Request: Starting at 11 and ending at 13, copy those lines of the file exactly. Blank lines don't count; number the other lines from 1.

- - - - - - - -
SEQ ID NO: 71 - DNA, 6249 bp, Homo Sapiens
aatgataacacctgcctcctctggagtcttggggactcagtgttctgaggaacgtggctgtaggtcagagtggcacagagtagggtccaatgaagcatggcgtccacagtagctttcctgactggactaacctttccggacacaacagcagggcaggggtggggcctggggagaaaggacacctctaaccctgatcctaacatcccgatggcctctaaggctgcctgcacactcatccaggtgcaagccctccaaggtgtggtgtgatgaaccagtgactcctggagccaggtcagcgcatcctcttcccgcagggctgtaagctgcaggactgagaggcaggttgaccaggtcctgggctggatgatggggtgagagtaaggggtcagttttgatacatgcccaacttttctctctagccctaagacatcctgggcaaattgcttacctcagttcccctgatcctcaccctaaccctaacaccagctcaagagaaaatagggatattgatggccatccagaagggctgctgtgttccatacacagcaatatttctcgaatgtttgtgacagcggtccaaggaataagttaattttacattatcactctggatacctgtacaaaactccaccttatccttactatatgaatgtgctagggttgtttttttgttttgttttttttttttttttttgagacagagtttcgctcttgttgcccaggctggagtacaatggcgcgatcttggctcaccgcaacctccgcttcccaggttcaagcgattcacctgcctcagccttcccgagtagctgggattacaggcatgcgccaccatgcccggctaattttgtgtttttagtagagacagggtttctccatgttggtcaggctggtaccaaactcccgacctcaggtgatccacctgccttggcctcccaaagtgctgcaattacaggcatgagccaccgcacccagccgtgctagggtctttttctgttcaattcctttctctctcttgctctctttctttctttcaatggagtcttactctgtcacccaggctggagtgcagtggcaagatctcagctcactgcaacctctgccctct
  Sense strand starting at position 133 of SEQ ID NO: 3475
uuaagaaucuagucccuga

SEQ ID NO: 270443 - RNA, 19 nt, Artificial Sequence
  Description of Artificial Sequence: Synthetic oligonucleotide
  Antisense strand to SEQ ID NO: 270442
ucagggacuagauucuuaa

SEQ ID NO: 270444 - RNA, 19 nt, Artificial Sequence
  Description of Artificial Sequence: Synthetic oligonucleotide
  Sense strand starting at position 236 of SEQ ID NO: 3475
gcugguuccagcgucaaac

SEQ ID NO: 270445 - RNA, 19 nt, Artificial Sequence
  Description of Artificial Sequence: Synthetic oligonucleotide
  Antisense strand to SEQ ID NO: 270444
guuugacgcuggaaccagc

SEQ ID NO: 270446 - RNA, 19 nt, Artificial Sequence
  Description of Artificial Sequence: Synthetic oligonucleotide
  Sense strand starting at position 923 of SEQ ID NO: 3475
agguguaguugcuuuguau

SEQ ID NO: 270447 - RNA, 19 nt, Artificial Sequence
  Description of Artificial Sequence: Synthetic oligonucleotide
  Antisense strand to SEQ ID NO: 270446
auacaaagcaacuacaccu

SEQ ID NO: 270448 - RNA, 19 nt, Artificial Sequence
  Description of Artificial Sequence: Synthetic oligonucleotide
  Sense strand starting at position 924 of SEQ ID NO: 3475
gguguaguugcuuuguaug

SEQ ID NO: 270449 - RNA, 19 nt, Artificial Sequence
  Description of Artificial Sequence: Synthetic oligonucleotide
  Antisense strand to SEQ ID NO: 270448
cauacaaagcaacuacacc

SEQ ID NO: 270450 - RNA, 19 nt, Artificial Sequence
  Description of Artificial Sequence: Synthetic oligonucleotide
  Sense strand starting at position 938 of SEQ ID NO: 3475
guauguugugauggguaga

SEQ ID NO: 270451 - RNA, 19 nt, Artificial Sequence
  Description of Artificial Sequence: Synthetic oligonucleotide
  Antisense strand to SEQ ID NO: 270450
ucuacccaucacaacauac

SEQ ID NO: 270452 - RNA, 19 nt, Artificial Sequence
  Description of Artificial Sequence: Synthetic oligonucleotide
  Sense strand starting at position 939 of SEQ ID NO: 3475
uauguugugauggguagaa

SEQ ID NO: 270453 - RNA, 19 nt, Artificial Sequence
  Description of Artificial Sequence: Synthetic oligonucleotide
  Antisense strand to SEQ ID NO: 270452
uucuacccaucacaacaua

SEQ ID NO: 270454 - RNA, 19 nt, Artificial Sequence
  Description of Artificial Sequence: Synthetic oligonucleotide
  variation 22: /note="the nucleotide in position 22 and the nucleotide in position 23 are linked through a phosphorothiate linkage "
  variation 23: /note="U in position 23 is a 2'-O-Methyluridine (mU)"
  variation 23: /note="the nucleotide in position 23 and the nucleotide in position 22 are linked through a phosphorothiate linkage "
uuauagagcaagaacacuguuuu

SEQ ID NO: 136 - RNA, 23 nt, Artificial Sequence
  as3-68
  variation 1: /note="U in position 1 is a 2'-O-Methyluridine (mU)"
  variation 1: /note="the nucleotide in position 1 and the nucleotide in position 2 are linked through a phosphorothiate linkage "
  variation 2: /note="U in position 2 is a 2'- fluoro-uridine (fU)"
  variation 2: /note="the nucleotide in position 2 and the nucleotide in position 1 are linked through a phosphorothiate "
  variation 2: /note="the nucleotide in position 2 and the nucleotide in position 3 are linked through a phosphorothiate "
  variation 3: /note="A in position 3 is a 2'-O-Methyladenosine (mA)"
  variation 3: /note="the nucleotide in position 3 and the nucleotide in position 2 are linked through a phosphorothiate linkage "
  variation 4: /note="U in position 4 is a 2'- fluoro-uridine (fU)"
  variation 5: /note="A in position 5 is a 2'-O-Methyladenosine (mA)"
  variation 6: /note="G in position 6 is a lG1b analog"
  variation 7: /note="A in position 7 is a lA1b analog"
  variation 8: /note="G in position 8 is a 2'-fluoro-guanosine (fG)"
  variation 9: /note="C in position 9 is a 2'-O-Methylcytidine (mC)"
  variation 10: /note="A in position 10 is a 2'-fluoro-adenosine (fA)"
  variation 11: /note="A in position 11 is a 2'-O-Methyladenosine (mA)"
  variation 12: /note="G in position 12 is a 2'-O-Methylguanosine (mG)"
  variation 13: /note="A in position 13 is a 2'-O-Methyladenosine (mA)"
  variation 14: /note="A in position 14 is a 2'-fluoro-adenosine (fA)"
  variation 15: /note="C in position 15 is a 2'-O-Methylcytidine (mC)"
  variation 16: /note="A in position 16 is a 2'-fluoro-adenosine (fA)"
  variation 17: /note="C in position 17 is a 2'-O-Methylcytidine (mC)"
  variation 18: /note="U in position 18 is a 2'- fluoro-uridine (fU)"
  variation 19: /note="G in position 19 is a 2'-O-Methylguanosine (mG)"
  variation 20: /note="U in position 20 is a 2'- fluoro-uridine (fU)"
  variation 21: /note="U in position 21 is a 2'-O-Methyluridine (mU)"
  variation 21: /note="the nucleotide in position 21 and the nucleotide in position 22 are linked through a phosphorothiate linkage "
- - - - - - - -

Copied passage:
  Sense strand starting at position 236 of SEQ ID NO: 3475
gcugguuccagcgucaaac

SEQ ID NO: 270445 - RNA, 19 nt, Artificial Sequence